Associate Professor, Art History Area Chair
Office Room 221 / 808.956.8033 / email@example.com
RESEARCH AREAS – History of Japan’s Modern Art; Intersections of Japanese Artistic Identity, National Heritage, and Received Tradition; Aesthetics and Ideology
John Szostak’s primary research focus is on modern Japanese art history, especially Nihonga, or neotraditional painting. He did his PhD research as a Fulbright fellow at Kyoto University, where he studied Kyoto-based Nihonga painters and their professional networks in the early 20th century. His academic work has been funded by the Japan Studies Endowment (UH-Manoa), the University Research Council (UH-Manoa), and the Metropolitan Center for Far Eastern Art Studies; in 2010 he was selected as a Robert and Lisa Sainsbury Fellow, funding one-year of post-doctoral research at the University of London (SOAS). Generally speaking, Szostak’s research investigates the intersection of artistic identity, national heritage, and received cultural tradition in modern Japan, with special attention paid to both the technical and ideological aspects of neotraditional Japanese painting. In 2013 he published a book on Kyoto painter Tsuchida Bakusen (1887-1936), and he has contributed essays to several edited volumes, international exhibition catalogues, and academic journals. His ongoing research includes a translation project entitled “Japanese Modern Art Sources and Documents (1860s-1940s),” and a study of modernist Japanese Buddhist painting. He is also curating an exhibition on the theme of historicism and tradition in contemporary Japanese art, scheduled to open in the UH Manoa University Art Gallery in fall 2016.
PhD – University of Washington
MA – University of Washington
BA – Colgate University
Painting Circles: Tsuchida Bakusen and Nihonga Collectives in Early Twentieth Century Japan. Brill: 2013
• “‛Art is Something Born’: The Rise and Fall of the Kokuga Society (1918-1928 and the Emergence of the Kokuten Style.” Positions: East Asia Cultures Critique, vol. 21, no. 2 (Spring 2013).
• “Unexpected Pairings: Neo-Rinpa Paintings by Yamaguchi Ai and Yamamoto Taro.” Chapter in Kamisaka Sekka: Dawn of Modern Japanese Design (Sydney: Art Gallery of New South Wales, 2012).
• “Re-Envisioning Beauty: Female Portraiture in Modern Japanese Prints and Painting.” Essay in The Beauty of the Moment: Women in Japanese Woodblock Prints. Zurich: Museum Rietberg, 2012.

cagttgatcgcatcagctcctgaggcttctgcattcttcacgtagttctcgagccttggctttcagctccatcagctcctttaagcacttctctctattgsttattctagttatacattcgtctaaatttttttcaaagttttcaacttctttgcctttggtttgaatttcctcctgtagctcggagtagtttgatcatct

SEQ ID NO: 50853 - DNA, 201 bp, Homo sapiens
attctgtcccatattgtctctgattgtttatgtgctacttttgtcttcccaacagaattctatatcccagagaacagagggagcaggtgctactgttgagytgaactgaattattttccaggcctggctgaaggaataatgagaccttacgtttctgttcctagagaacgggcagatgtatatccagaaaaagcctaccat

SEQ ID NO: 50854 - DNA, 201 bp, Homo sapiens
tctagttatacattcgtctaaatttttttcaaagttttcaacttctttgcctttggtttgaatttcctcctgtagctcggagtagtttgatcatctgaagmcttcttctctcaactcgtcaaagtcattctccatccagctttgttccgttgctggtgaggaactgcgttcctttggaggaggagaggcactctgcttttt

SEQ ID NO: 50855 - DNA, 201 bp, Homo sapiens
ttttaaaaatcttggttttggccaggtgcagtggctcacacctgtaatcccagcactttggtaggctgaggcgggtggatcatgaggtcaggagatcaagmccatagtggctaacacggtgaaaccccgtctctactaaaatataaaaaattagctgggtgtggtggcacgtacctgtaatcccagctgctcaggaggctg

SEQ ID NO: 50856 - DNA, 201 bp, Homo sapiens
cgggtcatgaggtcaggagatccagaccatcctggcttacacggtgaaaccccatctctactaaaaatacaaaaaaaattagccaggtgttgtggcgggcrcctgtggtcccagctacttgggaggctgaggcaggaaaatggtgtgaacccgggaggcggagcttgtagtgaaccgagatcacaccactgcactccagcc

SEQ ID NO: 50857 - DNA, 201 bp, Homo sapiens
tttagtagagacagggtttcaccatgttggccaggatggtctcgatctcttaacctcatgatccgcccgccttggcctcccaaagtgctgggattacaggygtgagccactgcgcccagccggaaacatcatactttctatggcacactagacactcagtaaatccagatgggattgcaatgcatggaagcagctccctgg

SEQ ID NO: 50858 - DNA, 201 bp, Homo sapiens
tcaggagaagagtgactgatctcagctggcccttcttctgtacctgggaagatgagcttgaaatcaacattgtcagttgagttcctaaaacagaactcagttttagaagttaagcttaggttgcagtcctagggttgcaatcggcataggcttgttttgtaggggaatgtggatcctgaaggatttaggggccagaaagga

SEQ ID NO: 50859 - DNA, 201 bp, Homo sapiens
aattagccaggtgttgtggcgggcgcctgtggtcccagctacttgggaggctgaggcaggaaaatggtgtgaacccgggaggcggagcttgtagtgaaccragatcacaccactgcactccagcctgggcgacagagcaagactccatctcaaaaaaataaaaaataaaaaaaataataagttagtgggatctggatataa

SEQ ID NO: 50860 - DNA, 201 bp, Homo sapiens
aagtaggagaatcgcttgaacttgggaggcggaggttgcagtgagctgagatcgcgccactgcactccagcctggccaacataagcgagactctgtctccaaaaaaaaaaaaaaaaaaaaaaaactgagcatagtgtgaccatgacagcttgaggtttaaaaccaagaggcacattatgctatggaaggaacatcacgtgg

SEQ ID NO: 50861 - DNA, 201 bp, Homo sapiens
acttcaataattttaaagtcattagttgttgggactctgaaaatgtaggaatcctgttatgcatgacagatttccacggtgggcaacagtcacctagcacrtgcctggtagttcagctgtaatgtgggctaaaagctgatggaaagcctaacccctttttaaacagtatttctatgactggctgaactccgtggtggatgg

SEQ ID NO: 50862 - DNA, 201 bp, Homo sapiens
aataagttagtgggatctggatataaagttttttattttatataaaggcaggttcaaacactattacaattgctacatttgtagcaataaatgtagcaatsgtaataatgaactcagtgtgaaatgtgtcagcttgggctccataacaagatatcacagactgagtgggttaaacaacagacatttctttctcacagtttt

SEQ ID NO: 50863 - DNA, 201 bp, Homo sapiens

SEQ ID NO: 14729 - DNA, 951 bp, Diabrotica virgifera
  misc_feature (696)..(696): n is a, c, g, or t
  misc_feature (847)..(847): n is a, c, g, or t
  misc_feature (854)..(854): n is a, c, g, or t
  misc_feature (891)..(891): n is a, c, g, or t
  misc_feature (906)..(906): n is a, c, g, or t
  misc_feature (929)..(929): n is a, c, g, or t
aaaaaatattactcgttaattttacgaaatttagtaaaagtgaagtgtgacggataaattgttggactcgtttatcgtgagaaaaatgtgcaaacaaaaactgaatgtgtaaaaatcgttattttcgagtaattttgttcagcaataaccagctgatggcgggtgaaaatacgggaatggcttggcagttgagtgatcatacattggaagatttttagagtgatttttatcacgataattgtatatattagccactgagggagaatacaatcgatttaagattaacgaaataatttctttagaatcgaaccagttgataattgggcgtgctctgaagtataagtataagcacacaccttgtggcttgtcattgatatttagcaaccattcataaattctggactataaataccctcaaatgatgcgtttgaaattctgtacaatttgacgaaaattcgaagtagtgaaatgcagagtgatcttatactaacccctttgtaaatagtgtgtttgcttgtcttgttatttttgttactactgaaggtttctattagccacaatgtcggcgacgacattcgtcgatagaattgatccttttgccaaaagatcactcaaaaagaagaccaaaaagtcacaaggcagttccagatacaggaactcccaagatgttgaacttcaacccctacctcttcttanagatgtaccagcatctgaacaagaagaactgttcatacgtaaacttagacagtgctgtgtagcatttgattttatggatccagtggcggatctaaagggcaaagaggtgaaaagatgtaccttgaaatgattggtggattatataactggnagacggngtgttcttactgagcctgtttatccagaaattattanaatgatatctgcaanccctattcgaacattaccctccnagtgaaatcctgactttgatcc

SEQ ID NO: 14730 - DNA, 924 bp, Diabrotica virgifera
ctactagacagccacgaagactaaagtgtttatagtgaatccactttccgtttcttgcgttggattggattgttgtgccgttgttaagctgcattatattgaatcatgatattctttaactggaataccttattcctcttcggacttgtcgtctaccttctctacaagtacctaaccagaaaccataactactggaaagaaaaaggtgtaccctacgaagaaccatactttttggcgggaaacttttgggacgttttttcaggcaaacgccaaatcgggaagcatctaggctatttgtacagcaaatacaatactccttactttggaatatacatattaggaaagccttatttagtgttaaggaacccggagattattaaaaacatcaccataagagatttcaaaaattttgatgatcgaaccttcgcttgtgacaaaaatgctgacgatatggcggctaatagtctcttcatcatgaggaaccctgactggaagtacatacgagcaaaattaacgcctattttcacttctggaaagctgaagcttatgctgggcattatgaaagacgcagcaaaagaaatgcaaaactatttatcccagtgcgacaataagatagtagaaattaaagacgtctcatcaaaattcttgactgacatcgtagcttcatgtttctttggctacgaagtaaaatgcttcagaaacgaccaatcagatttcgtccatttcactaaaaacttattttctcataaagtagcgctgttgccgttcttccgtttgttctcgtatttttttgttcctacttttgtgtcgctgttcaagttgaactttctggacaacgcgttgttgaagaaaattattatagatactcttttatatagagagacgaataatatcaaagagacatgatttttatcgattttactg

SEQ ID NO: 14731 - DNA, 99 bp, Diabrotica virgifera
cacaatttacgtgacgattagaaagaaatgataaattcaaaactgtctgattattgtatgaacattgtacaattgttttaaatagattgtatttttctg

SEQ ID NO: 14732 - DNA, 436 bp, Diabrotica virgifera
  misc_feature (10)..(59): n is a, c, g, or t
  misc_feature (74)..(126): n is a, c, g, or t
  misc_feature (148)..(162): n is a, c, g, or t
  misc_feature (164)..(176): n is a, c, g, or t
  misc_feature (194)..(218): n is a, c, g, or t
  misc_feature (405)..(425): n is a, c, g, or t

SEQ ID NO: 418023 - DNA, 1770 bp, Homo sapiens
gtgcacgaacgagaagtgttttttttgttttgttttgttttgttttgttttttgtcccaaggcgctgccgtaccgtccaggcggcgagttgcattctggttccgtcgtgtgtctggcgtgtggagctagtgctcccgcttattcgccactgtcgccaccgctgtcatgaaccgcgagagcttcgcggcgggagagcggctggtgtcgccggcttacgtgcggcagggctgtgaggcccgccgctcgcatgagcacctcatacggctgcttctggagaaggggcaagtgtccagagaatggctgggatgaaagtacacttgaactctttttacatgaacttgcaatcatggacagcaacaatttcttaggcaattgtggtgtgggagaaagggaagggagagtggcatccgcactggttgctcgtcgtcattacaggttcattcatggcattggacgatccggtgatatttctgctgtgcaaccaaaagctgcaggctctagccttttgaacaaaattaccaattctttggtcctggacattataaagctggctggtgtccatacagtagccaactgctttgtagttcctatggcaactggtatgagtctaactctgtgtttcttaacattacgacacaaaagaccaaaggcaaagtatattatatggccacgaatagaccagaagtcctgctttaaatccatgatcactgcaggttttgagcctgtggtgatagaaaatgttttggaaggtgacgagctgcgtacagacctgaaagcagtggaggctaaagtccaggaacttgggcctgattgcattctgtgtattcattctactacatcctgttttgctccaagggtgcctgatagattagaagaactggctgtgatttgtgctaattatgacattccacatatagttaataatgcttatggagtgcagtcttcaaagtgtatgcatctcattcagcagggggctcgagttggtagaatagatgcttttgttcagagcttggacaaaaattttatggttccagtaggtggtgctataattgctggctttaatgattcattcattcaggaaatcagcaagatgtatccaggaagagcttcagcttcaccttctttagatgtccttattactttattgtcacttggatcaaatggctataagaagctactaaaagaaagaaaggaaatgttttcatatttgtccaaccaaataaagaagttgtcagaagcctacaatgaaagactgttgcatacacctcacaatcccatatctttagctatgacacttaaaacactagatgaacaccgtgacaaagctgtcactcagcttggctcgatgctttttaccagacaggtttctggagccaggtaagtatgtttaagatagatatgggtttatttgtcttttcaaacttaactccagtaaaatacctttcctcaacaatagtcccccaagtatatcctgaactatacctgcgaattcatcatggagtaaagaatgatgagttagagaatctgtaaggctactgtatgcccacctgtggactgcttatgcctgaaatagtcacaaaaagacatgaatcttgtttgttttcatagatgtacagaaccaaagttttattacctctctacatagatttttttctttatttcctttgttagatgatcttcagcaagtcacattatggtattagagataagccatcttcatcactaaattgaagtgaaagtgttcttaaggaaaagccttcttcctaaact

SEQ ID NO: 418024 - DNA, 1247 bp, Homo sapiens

• “Foul is Fair: Abject Beauties and the Psychology of the Grotesque in Modern Japanese Painting,” chapter in Rethinking Japanese Modernism. Global Oriental: 2011.
• “Takeuchi Seihō, Chigusa Sōun and John Ruskin’s Modern Painters: Reconciling Realism with Japanese Painting 1900-1910.” Crossing Cultures: Conflict, Migration and Convergence, Proceedings of the 32nd Congress of the International Committee of the History of Art (CIHA), 2009.
• “Two Paths to the Pure Land: The Niga-byakudō Theme and the Modernist Buddhist Art of Hada Teruo,” Archives of Asian Art, vol. 57 (2007).
• “Ukiyo-e Tabloids: Illustrations of the Taiwan Expedition of 1874” in Impressions: The Journal of Ukiyo-e Society of America, no. 21 (1999).
ART 176 (Global Art History Survey II: 15th Century to Contemporary Period)
ART 380 (Early Art of Japan: Buddhist Art and Visual Culture)
ART 381 (Later Art of Japan: Rising Japanese Modernity)
ART 395 (Art-Historical Methodology)
ART 400 A (Special Projects: Buddhist Art Forms and Concepts)
ART 400 B (Special Projects: Issues in Modern and Contemporary Japanese Art)
ART 400 C (Special Projects: Japanese Woodblock Prints)
ART 483 (Applied Arts of Japan: Aesthetics, Craft, and Ideology)
ART 496 (Topics in the History of Cinema)
past topics taught include “Genres of Japanese Film,” “Auteurs of Japanese Cinema,” and “Experimental Japanese Cinema”
ART 781 (Seminar in Japanese Art )
past seminar topics include “Modern Japanese Visual Culture” (2006, 2012) “Japanese Painting in an International Context” (2007)
“The Mingei Movement: Japanese Folk Art as Transnational Phenomenon” (2008)
“Japanese Woodblock Prints: Historical, Visual and Literary Contexts” (2009)